The nut 8 urges the impeller 3 against the spacer 7 and the thrust collar 6. The thrust collar 6 is thus frictionally supported against the shoulder 4' of the shaft 4. Thus, the clamping force of the nut 8 must be great enough to transmit the torque from the shaft 4 to the impeller 3 as well as to hold the axial position of the impeller 3 on the shaft 4.
To facilitate the assembly work, it is advantageous to provide a clearance t in the order, for example, of a micron between the outer wall of the shaft 4 and the inner wall of the hole 3' of the impeller 3 thereby allowing the shaft 4 to be smoothly inserted into the hole 3'. Provision of a clearance t, however, would mean that the smaller diameter section of the shaft 4 from the shoulder 4' would tend to bend within the clearance t of the hole 3' if the end wall of the spacer 6 or the nut 8 were not exactly normal to the center axis of the shaft 4, as shown in an exaggerated fashion in FIG. 3a, or would tend to be fitted offset from the center axis of the impeller 3, as shown in an exaggerated fashion in FIG. 3b.
FIG. 4 shows a preferred embodiment of a turbocharger according to the present invention, in which the corresponding parts are represented by the same numerals as in FIGS. 1 and 2. This embodiment differs from that of FIGS. 1 and 2 in having washer 9 arranged on both sides of the impeller 3. Each washer 9 has a circular projection 10 or 11 (FIGS. 5a and 5b) about its center axis. The circular projection is concentrically formed around the hole into which the shaft is inserted and consists of a continuous circle in FIG. 5a and of a partially discontinuous circle in FIG. 5b. Each washer 9 is arranged with its projecting side facing the end walls of the impeller 3, said end walls extending parallel to each other and perpendicular to the center axis of the impeller 3 in the central region thereof for abuting the other elements, such as the nut 8 and the spacer 7.
The impeller 3 and the shaft 4 are usually made of separate materials, for example, the impeller 3 of a light alloy and the shaft 4 of steel. This means that the impeller 3 is deformed easier than the shaft 4. With the above-mentioned arrangement, as shown in FIG. 4, the nut 8 is screwed to the threaded shaft end 4" to clamp the impeller 3 onto the shaft 4. As the clamping force is increased, the projections 10 or 11 are forced into the end walls of the impeller 3, causing the end walls of the impeller 3 to deform. The deformation extends toward the shaft 4 if space or clearance exists between the inner wall of the hole 3' of the impeller 3 and the outer wall of the shaft 4, so that the inner wall forming the hole 3' deforms adjacent to the end walls of the impeller 3 as shown by the numeral 12 in FIG. 4, reducing the clearance to zero at the resultant deformed areas. The features of the deformation are described below.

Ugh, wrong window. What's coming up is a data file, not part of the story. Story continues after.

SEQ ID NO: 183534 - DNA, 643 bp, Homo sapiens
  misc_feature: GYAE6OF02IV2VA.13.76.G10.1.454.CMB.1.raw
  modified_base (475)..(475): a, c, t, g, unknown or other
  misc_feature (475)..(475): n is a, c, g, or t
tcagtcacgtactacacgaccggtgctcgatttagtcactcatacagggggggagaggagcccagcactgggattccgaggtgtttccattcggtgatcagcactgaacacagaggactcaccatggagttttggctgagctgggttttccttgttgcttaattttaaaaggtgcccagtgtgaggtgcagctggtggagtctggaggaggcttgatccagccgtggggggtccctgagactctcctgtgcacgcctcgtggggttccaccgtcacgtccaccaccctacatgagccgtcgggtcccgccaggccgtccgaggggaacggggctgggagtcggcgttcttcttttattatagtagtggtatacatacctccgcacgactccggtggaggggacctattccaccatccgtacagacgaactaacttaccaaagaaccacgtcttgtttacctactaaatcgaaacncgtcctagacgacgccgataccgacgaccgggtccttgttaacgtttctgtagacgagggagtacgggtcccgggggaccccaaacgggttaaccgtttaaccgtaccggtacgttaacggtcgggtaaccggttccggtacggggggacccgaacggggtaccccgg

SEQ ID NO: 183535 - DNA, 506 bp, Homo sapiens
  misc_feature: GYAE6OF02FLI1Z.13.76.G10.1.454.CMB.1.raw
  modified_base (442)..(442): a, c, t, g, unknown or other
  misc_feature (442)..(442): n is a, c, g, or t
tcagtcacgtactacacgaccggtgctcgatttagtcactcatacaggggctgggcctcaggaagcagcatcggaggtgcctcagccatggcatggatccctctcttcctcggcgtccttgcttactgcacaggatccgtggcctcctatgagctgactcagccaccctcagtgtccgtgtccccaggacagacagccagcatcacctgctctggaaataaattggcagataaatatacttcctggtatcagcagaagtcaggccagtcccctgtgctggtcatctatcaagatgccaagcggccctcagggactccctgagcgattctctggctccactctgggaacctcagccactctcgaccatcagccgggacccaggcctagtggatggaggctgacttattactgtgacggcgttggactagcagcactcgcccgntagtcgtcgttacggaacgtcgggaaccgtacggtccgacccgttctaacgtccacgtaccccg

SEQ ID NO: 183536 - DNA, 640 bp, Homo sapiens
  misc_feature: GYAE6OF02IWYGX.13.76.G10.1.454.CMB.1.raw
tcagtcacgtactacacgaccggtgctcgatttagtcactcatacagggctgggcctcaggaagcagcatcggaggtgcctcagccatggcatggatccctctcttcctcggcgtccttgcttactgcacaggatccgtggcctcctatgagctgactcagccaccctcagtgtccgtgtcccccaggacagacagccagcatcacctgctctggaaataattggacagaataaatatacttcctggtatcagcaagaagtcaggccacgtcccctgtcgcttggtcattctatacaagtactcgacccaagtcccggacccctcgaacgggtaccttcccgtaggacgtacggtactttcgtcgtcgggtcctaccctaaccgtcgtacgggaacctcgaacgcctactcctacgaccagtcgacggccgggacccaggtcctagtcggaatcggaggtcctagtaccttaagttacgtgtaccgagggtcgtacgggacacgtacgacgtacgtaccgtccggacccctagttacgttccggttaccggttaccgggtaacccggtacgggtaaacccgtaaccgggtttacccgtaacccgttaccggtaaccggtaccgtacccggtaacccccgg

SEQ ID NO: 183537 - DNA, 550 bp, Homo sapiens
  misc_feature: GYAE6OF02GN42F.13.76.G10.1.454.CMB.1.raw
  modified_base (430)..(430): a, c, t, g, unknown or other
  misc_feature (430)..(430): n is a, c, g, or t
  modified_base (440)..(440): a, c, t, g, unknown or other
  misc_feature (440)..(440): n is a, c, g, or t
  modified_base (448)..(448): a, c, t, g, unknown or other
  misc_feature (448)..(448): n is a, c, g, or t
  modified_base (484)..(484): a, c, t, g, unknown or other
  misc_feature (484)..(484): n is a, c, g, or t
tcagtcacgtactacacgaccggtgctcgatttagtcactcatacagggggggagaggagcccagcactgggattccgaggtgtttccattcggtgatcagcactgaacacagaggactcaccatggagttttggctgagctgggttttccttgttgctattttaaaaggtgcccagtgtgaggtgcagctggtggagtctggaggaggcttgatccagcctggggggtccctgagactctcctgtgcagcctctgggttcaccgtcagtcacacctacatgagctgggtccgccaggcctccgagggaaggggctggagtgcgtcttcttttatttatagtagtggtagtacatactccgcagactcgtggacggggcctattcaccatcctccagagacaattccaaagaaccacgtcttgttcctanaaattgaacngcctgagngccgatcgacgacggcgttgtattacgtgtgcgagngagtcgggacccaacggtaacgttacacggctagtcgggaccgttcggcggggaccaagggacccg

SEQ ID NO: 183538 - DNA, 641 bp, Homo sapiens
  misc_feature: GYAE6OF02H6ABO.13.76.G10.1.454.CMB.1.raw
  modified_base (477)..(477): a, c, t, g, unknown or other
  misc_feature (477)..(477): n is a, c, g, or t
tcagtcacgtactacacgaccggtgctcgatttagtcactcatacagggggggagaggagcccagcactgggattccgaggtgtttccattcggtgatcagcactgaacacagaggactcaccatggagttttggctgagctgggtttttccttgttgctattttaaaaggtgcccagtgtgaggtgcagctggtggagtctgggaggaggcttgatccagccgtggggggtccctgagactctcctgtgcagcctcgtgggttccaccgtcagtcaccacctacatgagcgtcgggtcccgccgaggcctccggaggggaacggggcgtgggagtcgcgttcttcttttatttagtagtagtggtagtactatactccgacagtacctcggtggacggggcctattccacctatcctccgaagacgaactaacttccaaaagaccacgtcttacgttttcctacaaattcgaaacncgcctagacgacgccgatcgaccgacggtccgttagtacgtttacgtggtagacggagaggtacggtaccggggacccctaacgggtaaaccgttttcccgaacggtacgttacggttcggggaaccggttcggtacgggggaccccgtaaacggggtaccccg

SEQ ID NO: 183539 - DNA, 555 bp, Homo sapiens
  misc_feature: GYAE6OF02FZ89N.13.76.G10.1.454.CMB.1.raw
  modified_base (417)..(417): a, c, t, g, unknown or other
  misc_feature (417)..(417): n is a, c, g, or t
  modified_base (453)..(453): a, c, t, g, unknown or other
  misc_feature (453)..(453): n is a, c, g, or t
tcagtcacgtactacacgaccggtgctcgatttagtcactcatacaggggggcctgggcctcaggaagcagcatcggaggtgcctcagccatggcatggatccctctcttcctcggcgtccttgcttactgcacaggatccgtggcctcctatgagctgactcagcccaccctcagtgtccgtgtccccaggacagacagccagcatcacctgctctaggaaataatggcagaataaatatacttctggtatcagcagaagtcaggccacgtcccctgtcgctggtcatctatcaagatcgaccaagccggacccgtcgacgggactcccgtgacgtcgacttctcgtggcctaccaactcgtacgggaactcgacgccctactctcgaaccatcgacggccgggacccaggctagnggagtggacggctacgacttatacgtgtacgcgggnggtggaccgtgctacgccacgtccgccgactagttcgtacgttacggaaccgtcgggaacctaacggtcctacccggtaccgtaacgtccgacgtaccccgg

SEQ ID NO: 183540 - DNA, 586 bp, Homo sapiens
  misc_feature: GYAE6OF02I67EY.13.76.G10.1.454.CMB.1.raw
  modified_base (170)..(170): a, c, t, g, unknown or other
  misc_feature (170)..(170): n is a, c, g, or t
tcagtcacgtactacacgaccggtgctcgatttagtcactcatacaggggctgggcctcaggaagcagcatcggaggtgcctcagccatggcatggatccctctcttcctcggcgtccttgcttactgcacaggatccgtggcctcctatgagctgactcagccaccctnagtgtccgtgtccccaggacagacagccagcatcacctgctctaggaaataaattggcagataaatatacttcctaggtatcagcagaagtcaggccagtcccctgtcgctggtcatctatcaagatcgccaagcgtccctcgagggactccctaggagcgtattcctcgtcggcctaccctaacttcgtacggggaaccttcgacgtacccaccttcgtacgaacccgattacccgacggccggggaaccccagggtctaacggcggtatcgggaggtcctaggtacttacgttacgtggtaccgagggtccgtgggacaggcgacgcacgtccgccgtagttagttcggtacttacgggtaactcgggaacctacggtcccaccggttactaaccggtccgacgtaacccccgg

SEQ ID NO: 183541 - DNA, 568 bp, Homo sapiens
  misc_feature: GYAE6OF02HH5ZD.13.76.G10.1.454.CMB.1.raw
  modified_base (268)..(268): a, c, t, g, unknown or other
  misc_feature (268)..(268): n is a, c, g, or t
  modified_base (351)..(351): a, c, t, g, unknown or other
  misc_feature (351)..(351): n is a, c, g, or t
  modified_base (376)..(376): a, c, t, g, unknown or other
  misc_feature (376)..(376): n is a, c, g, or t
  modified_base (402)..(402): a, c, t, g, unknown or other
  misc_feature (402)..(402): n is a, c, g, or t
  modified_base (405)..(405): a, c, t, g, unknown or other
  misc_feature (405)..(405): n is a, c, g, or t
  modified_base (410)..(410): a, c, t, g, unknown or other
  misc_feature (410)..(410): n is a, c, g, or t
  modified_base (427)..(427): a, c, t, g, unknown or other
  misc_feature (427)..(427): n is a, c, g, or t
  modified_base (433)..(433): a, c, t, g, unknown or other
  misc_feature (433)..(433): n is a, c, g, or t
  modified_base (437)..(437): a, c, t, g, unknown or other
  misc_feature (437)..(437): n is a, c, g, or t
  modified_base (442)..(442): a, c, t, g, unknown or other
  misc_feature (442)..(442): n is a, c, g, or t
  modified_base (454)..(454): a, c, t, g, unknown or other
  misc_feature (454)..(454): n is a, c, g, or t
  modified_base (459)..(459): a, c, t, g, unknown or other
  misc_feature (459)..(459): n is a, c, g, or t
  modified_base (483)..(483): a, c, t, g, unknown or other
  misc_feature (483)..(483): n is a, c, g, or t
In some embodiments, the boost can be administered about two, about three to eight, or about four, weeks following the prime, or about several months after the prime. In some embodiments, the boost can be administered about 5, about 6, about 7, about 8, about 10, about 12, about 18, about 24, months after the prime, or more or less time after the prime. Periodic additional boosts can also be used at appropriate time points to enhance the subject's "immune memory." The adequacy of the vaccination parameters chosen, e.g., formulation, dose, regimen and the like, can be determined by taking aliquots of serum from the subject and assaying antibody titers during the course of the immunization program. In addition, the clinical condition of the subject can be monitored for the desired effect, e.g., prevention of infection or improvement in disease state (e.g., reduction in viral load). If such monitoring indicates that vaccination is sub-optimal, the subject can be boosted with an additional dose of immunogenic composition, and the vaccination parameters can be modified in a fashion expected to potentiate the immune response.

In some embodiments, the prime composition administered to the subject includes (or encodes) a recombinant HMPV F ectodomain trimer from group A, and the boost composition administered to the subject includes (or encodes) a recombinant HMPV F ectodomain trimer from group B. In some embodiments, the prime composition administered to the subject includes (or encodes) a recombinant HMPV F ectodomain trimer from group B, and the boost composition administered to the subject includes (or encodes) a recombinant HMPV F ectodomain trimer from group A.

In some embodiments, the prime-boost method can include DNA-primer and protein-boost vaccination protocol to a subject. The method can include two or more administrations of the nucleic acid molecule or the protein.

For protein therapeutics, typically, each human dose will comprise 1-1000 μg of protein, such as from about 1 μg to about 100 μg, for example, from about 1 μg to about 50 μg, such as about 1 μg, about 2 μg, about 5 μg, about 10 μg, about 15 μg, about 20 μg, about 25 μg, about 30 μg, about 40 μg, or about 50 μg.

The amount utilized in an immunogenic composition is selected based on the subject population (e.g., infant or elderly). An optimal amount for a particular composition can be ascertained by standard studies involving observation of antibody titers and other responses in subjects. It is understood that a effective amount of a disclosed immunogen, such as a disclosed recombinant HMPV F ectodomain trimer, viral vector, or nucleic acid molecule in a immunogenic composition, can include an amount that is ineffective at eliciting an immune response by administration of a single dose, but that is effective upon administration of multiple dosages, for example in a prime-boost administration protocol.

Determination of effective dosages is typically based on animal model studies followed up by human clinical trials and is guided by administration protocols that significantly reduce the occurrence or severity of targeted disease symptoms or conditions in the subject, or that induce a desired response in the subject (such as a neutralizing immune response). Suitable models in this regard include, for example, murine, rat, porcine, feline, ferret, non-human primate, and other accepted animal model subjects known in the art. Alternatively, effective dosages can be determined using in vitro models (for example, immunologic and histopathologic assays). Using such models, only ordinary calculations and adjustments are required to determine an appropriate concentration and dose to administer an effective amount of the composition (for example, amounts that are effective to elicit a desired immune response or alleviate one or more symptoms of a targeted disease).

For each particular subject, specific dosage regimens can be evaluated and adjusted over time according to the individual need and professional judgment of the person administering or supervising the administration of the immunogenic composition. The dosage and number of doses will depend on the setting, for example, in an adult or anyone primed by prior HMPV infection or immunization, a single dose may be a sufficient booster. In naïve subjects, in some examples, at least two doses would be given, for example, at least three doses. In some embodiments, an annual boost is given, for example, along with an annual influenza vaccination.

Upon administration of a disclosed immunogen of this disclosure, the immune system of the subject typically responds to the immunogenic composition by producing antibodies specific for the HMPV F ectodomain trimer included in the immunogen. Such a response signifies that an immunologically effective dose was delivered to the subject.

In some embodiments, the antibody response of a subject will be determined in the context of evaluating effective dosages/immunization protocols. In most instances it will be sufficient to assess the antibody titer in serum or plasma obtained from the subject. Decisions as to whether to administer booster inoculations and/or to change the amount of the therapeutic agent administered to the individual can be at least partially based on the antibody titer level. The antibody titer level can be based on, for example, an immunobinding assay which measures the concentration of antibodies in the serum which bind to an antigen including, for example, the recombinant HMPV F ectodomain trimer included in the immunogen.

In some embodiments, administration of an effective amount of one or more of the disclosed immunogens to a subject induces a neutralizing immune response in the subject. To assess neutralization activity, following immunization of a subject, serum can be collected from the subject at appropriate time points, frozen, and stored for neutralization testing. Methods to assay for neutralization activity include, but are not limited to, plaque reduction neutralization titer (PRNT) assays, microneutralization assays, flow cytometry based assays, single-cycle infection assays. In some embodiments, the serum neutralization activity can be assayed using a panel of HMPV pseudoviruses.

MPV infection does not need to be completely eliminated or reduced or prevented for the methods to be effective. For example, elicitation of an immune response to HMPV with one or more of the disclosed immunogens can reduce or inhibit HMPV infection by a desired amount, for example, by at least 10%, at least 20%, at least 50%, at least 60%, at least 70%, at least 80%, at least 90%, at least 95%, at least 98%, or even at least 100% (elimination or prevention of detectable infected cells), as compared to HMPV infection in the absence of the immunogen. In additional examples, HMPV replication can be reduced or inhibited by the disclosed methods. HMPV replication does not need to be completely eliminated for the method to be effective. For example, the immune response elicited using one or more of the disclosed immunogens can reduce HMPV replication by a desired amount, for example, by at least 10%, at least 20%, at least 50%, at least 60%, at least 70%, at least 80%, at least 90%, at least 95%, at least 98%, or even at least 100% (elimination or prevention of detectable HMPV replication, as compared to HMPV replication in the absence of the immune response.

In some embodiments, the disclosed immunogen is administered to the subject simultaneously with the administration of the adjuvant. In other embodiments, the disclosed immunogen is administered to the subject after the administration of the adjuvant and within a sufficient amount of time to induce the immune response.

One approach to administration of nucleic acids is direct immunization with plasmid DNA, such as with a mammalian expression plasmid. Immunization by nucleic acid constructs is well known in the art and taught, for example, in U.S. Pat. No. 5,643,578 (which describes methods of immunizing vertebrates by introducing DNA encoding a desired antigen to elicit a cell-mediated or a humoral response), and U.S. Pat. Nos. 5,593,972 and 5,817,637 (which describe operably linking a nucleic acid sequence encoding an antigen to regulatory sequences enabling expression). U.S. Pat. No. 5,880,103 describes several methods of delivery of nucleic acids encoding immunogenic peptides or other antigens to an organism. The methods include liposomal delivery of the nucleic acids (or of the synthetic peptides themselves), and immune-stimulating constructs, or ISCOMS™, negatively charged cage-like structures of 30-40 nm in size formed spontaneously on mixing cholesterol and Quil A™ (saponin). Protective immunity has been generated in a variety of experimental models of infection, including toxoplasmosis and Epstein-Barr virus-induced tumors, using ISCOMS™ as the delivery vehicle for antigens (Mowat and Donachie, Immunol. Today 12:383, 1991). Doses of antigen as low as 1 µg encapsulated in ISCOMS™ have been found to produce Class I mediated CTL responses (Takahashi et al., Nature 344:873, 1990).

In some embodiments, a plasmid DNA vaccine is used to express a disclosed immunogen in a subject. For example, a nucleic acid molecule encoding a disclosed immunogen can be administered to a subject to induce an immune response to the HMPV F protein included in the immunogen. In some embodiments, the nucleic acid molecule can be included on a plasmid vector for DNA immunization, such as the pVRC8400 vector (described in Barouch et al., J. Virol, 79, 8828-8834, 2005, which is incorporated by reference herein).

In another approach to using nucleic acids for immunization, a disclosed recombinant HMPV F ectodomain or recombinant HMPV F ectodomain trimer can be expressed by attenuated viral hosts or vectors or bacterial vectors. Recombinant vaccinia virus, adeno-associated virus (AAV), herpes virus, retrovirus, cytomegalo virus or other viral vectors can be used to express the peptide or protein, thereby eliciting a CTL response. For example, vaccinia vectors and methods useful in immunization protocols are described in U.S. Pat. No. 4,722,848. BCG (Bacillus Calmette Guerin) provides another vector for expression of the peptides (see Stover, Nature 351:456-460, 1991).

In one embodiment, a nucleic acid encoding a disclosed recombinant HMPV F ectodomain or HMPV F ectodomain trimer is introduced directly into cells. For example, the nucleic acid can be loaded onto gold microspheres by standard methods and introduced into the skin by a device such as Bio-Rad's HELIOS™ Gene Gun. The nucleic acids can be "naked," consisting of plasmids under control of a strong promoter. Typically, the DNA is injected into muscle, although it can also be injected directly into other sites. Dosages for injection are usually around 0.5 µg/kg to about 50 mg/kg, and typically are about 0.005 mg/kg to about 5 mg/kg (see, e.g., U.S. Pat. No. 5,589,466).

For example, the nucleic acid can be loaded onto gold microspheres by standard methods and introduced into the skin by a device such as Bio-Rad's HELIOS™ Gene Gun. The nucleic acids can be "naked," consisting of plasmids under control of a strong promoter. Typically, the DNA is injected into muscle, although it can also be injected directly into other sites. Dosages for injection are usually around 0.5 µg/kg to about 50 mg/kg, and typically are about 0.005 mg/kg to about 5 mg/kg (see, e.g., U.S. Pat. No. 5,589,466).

FIGS. 6a, 6b, and 6c show the steps of the deformation when the impeller 3 and the shaft 4 are assembled coaxially before deformation. The circular projection 10 or 11 of the washer 9 is located about the same center axis O, as shown in FIGS. 6a and 6b, thus the deformation arises uniformly around the shaft 4, as shown in FIG. 6c, reducing the clearance to zero with the axes coinciding.
FIGS. 7a, 7b and 7c show the steps of the deformation when the impeller 3 and the shaft 4 are assembled offset at a distance t, corresponding to the clearance before deformation, as is liable to occur in many cases when clearance exists. In conventional turbochargers, this probably would have resulted in the shaft being assembled bent or offset, as shown in FIGS. 3a and 3b. According to the present invention, however, the washers 9 and the shaft 4 are initially located offset from the center axis O of the impeller 3, as shown in FIGS. 7a and 7b, but the distance t of the offset is decreased by the deformation, as shown in FIG. 7c. The details of the deformation are as follows: The deformation does not arise instantly, but rather progressively over a certain time during the nut screwing. The shaft 4 is urged by the deformed wall portion 12' which is located close to the shaft 4 when the clearance still remains, thereby reducing the distance t' between the axes of the impeller 3 and the shaft 4. Therefore, the deformation, according to the present invention, has the effect of centering the shaft 4 relative to the impeller 3.